Archives

All posts for the month April, 2020

Hello, readers. I have contacted Dr. S. and am awaiting a reply on whether he would like to actually work with me on testing the hypothesis I had (which forms the basis for the project this website is devoted to, Project Cancer-Fighting Gut Bacteria), instead of simply publishing a hypothesis. In the meantime, I’ve been in touch with a few people who are interested in sharing my podcast episode one, which is devoted to an idea I have had which might be very useful, about leveraging existing clinical trial data.

While I work on podcast episode two, I have exhumed some soil microbial ecology ideas from a while ago (as much as a year or two ago!) and I’m seeing if I can get traction on those with my current research group. Much of what I want to do I can do alone, with sufficient data. So far things are promising.

I am reminded, each time I write to a new person or contact someone I already know, that whether I am listened to depends on whether people think I have anything of value to contribute. I am not a visible minority, but I feel for visible minority scientists- it’s hard enough to be taken seriously as an older woman on the fringes of the profession, without a “real job” to prove I have merit. I can’t imagine what it’s like to have to navigate that plus racial bias.

If I ever do get a “real job”, I wonder if the people who dismiss me now (or have consistently ignored me) will change their minds about me, and if they will even realize the unspoken, possibly unrealized reasons why? When I was young I thought scientific communities were merit-based, but as I grow older and see mediocre people with connections get fancy job titles and more respect than the people who actually understand more and think better, I have my doubts. There are some serious injustices in how science is conducted everywhere in the world, and the silencing of “insignificant” voices like mine, is, frankly, one of them.

How many brilliant minds are overlooked in every walk of life because people assume they can’t have anything valuable to contribute?

Hi! If you’ve been following this blog, you will realize that I’m both trying to promote an important idea about clinical trials with a podcast (other forms of communication will follow), and at the same time, either share or test an idea I had in 2013 which has developed a bit over time. I’ve written up this 2013 hypothesis in a paper I had planned to simply submit to the journal mBio, and if they took it, I planned on just leaving it at that, and hoping someone would eventually find it useful. However. I’m going to try one more time to talk to Dr. S. at UCLA and see if he wants to genuinely try for funds to test this hypothesis ourselves.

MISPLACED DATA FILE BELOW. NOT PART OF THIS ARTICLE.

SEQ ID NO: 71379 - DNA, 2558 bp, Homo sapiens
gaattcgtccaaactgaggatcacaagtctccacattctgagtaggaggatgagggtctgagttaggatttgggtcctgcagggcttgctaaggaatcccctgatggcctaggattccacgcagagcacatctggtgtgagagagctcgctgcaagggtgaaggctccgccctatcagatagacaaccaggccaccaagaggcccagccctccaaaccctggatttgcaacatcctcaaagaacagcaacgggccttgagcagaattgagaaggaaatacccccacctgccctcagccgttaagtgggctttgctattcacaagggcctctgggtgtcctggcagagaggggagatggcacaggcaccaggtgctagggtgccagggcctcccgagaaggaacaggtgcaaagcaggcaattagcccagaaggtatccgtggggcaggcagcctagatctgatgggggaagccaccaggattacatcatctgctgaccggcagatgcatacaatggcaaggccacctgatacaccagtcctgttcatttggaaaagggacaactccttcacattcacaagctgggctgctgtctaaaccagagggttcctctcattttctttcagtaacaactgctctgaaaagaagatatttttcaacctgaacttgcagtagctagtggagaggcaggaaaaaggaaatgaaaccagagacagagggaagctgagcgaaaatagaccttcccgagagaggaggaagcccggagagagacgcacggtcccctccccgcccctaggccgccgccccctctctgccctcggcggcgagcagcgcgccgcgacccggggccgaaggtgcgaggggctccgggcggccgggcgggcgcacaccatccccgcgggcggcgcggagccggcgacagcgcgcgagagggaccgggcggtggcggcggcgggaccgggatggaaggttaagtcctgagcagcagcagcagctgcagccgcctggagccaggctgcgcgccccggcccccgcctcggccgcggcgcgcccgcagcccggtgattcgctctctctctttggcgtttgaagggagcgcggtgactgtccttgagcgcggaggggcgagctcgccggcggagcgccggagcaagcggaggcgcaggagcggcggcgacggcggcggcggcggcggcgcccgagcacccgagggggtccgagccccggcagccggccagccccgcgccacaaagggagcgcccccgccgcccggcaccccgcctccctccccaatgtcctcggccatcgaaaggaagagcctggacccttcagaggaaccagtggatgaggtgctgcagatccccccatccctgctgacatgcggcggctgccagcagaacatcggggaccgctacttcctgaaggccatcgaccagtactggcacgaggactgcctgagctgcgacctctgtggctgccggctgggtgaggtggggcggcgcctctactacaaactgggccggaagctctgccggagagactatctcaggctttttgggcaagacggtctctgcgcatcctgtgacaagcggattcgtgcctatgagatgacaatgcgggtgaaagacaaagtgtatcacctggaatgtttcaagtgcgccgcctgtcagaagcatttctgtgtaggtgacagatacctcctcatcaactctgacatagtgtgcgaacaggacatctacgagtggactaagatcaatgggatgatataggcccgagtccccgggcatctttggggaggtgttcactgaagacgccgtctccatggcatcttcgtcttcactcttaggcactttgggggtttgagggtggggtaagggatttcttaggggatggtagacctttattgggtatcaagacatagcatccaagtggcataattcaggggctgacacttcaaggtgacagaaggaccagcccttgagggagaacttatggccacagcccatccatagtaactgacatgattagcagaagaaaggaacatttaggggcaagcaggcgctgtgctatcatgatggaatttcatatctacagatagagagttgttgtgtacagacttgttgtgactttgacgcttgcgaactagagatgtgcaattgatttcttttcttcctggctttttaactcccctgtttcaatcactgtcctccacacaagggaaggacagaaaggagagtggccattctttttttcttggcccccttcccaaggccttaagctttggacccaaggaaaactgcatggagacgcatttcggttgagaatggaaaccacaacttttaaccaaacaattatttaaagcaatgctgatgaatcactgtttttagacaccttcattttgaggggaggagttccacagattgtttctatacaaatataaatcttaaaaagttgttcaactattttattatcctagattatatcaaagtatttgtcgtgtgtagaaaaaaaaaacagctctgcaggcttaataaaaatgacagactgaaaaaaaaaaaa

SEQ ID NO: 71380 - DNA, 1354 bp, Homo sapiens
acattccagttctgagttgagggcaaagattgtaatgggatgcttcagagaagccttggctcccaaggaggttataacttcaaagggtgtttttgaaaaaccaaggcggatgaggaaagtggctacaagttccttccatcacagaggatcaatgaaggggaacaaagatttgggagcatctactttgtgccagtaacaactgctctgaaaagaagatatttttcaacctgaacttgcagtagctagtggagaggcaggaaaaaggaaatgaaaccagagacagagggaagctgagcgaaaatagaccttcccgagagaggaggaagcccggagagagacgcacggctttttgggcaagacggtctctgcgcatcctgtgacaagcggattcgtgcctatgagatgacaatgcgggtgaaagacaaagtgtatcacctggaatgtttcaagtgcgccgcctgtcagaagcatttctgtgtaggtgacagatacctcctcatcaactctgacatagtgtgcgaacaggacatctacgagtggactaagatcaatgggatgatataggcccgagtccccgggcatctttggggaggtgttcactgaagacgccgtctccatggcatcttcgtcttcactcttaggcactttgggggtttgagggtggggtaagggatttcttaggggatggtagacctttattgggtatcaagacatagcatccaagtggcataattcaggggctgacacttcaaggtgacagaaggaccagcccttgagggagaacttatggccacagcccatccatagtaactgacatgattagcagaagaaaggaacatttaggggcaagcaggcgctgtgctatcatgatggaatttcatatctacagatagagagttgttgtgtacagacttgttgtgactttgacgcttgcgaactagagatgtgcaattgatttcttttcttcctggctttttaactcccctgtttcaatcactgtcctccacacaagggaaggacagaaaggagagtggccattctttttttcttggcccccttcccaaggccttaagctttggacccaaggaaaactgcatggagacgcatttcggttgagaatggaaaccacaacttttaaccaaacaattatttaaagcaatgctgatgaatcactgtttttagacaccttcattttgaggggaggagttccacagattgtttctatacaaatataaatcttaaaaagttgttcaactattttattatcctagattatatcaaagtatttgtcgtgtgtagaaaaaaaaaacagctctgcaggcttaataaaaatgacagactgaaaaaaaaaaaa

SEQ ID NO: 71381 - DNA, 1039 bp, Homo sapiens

I’ve been getting very uninformative and non-scientific feedback from the emails I’m getting, which, combined with my bipolar disorder and natural tendency from that to become paranoid, is making me wonder- am I talking to who I think I am when I send and get replies via email, at all? I wrote about this in my fiction blog a little, but intercepting the emails between myself and Dr. S. would be a fairly elaborate scheme, merely to defraud me of the ability to talk to another scientist- and why would anyone do that? Since this is so highly improbable, I am inclined to think I’m just being paranoid. Which makes me think I need to take a step back and monitor my thought patterns, to see if I’m recovered from my symptoms or getting worse. A lot of people are under stress right now and it makes sense that I would be one of them.

In any case, I’m hanging on to my ideas for now, except the most important one about clinical trials, and I’ve actually gotten some useful advice on how to package that (by itself). That alone is heartening.

Please stay safe, and at home when you can.

I started a podcast which covers information I hope will give people something to look forward to, namely ways in which treatments or vaccines can be found to end the pandemic and our social isolation. In the first episode I focus on the idea I’ve had for leveraging clinical trials that are currently underway to fight the pandemic. I really do think this is an important idea. I mention this a lot, but I think it bears repeating.

Future episodes will focus on how clinical trials work, and existing research done by others into promising treatments or vaccines for COVID-19 infection.

The podcast link is here:

I am also planning on putting these episodes on YouTube, under the channel SolvingThePandemic. These videos to follow. [EDIT: The first episode video is here.]

Thanks for any support or sharing. -Liz

More later

Hey everyone- I’m suffering a LOT from bipolar delusions, and so I’m going to have to take it easy for a few days or so. My earlier post that is most interesting, about how to leverage existing clinical trials to fight the pandemic, is here. The papers I reference in it which I wrote or rewrote I’m just posting to this website. Links to come. [EDIT: I decided against this- I’ll publish them formally in time once I find an appropriate outlet.]

It’s occurred to me that the functional redundancy stuff I mentioned earlier for soil data might be applicable to studies of gut dysbiosis and there should be a lot of useful data in databases to work with, provided I can get adequate metadata, but I just need to rest a bit before I try to do this or anything else.

I’m thinking of submitting the hypothesis to mBio but the other stuff about COVID-19 and dysbiosis and inflammation, and the more important clinical trial idea, I don’t know how to package that; it was rejected from MedRxiv for “just being a proposal” so- a second hypothesis paper? Based on the first? Would anyone publish that?